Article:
The Serra d’Irta Natural Park, next to the Marine Reserve d’Irta is a protected area of 12,000 hectares, located north of Alcossebre.
Its flora is that of a semi-arid zone with a Mediterranean climate. The pine trees live in dialogue with palm hearts, rosemary and fenoll. The white limestone rock substrate makes the coastline spectacular, with cliffs that alternate with small coves.
The Park is located north of the Valencian Community, between the towns of Peñíscola, Santa Magdalena de Pulpis, Alcalà de Xivert and Alcossebre.
It represents one of the last coastal mountains that remain unbuilt on the Mediterranean coast and is one of the most beautiful landscapes of the Valencian coast.
Its maximum height is 572 m at Campanilles peak, and its steep slopes descend gently towards the sea, where along 12 km of coastline, practically unaltered, there are numerous cliffs and coves.
At its base, continuously eroded by the force of water, caves, cavities and cliffs are formed that constitute the habitat of different seabirds (seagulls and cormorants) that their innkeepers have here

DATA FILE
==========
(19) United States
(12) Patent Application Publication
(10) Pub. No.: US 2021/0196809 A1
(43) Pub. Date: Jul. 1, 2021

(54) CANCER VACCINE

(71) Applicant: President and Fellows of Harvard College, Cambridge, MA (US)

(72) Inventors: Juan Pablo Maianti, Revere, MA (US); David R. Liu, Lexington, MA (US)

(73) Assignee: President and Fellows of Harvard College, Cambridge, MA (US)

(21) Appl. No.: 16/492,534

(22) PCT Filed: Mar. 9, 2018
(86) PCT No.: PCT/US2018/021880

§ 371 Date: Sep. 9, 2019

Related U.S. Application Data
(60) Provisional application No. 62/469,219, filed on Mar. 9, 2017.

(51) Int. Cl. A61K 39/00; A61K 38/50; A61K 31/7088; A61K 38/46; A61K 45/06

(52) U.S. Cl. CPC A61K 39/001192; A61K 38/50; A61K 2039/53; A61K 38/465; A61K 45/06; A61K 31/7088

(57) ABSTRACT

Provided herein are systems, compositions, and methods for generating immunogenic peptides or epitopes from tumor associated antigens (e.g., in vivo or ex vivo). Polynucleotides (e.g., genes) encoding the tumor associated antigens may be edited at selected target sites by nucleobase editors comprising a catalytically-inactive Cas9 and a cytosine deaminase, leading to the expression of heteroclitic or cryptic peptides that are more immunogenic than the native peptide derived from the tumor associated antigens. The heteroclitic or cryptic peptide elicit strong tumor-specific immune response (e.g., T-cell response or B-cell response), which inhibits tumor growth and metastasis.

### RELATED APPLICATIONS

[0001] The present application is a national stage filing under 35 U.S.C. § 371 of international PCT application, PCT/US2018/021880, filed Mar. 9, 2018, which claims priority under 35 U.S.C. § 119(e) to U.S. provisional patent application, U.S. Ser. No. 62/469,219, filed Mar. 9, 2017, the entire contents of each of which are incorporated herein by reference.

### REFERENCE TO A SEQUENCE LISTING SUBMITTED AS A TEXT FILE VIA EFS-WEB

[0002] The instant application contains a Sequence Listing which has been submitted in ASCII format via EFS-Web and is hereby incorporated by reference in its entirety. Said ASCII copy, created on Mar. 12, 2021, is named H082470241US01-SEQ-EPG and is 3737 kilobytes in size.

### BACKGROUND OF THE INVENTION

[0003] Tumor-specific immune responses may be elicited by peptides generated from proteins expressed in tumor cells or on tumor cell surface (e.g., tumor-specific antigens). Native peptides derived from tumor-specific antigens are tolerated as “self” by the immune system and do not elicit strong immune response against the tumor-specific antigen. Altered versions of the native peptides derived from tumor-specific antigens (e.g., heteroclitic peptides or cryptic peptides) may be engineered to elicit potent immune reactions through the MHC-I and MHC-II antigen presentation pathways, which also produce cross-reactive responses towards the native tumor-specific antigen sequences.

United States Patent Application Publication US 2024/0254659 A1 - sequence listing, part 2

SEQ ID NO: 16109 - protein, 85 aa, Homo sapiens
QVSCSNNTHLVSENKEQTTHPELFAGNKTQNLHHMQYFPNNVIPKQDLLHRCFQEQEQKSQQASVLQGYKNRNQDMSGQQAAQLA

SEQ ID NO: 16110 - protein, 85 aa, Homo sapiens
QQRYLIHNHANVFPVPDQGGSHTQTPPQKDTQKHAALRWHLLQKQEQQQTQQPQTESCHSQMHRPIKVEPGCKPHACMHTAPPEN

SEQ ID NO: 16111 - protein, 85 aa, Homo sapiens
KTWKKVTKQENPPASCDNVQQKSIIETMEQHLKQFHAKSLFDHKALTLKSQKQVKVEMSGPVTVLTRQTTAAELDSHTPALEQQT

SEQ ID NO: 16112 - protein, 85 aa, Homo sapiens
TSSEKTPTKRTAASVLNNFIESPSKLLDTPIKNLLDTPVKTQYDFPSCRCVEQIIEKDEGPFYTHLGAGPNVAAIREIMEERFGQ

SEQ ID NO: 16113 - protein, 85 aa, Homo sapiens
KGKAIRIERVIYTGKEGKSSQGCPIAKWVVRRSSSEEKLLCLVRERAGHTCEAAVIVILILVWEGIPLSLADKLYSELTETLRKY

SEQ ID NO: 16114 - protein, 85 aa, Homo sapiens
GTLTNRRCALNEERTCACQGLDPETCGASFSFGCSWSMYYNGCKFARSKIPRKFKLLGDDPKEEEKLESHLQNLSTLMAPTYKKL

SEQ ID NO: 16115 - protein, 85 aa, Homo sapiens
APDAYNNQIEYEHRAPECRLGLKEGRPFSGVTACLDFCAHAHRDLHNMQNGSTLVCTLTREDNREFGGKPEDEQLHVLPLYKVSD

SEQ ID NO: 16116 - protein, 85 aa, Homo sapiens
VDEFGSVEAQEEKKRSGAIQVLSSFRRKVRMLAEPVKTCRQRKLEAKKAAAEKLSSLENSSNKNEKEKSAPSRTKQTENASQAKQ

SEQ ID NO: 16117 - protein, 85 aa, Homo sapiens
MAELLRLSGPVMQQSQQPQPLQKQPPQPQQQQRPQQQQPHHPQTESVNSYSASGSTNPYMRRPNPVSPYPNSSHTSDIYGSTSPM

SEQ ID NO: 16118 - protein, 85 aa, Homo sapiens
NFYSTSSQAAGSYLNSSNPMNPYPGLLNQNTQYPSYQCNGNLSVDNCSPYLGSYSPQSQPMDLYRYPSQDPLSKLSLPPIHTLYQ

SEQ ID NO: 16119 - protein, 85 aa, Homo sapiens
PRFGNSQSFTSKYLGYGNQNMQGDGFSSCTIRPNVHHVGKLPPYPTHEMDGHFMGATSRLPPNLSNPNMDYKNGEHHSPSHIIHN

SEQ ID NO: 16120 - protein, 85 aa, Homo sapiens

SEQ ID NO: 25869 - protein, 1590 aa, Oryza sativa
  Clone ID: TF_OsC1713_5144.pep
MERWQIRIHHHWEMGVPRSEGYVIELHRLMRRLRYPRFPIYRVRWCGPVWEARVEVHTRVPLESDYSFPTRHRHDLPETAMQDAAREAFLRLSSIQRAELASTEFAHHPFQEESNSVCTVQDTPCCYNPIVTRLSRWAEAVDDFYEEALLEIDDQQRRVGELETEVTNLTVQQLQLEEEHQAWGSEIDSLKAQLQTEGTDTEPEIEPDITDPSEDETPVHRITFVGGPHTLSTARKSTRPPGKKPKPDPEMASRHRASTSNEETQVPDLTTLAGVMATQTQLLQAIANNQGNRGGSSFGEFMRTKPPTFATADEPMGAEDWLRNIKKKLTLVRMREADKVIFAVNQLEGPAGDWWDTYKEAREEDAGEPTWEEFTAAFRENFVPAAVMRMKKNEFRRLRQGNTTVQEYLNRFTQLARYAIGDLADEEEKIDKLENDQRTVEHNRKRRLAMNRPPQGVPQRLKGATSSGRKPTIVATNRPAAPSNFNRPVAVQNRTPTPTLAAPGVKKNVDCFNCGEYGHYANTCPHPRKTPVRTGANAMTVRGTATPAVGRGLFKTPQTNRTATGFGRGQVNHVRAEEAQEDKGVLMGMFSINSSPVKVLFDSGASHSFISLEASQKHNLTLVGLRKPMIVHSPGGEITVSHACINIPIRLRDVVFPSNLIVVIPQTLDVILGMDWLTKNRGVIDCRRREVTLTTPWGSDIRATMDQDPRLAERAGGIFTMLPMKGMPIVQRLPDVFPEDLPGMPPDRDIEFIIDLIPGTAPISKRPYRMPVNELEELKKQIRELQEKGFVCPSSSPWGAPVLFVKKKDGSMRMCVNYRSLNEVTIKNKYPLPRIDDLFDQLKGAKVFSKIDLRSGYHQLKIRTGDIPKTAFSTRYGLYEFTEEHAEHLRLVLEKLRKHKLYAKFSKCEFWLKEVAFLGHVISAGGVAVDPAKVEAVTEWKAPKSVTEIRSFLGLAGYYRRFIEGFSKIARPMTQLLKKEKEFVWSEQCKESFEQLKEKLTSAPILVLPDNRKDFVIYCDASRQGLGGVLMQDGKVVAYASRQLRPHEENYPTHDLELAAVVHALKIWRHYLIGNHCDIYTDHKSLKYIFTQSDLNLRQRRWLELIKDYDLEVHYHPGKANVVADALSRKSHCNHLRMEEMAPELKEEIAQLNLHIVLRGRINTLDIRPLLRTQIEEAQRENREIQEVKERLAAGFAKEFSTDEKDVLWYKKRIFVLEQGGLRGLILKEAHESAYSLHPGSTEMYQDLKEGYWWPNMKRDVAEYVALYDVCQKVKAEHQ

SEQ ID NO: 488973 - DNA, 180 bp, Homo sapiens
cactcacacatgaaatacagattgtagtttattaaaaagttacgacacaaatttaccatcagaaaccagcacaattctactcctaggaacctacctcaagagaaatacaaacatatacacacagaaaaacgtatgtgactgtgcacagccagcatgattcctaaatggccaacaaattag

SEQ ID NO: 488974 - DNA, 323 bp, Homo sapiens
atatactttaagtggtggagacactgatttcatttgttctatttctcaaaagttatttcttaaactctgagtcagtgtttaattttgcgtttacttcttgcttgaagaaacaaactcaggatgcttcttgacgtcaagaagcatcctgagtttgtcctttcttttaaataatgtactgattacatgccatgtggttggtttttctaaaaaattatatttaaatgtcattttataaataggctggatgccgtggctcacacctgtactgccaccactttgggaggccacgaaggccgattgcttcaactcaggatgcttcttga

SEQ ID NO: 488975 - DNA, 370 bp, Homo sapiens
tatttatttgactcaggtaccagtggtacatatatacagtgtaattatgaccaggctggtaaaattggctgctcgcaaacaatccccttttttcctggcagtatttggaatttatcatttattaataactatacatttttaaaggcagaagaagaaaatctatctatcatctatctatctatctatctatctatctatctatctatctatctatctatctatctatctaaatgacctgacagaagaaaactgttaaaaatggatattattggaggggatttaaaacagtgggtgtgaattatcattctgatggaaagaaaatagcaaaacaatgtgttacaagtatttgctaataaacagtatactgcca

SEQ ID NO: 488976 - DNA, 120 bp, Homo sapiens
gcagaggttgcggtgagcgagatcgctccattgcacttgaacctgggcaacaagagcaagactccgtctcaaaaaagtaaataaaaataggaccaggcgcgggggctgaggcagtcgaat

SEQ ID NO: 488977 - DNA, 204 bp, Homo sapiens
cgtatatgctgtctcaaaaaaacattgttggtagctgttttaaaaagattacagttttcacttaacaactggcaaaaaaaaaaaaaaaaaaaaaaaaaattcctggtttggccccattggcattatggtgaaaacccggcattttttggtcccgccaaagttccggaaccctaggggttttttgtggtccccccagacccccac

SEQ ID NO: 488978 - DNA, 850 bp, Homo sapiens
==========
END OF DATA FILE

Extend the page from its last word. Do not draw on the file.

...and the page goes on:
The Serra d’Irta has a rich historical heritage, including Arab buildings such as the Xivert and Polpis castles, and the watchtowers of Badum and Ebrí; which show the ancient human occupation and the military character of it.
The castles, built in the X-XI century, went through various restorations at the hands of Almoravids, and Christian orders such as the Order of the Temple and that of Montesa.
The Columbretes are an archipelago that is divided into four islands: La Grossa, Ferrera, La Foradada and Carallot. Its remoteness to the mainland and being subjected to the harshness of the marine environment have shaped a flora and fauna rich in endemisms.
The richness of its seabed is a point of attraction for diving enthusiasts. The Islands are Natural Park and Marine Reserve, which has guaranteed an important level of protection that has not enjoyed throughout its history. Currently, Illa Grossa can only be accessed if authorization is obtained.
The volcanic origin, the isolation in which the different species of animals and vegetables live, the small size and the harsh environmental conditions make the islands a unique and especially fragile ecosystem. The bottom and the waters are characterized by the extraordinary beauty, richness and degree of conservation.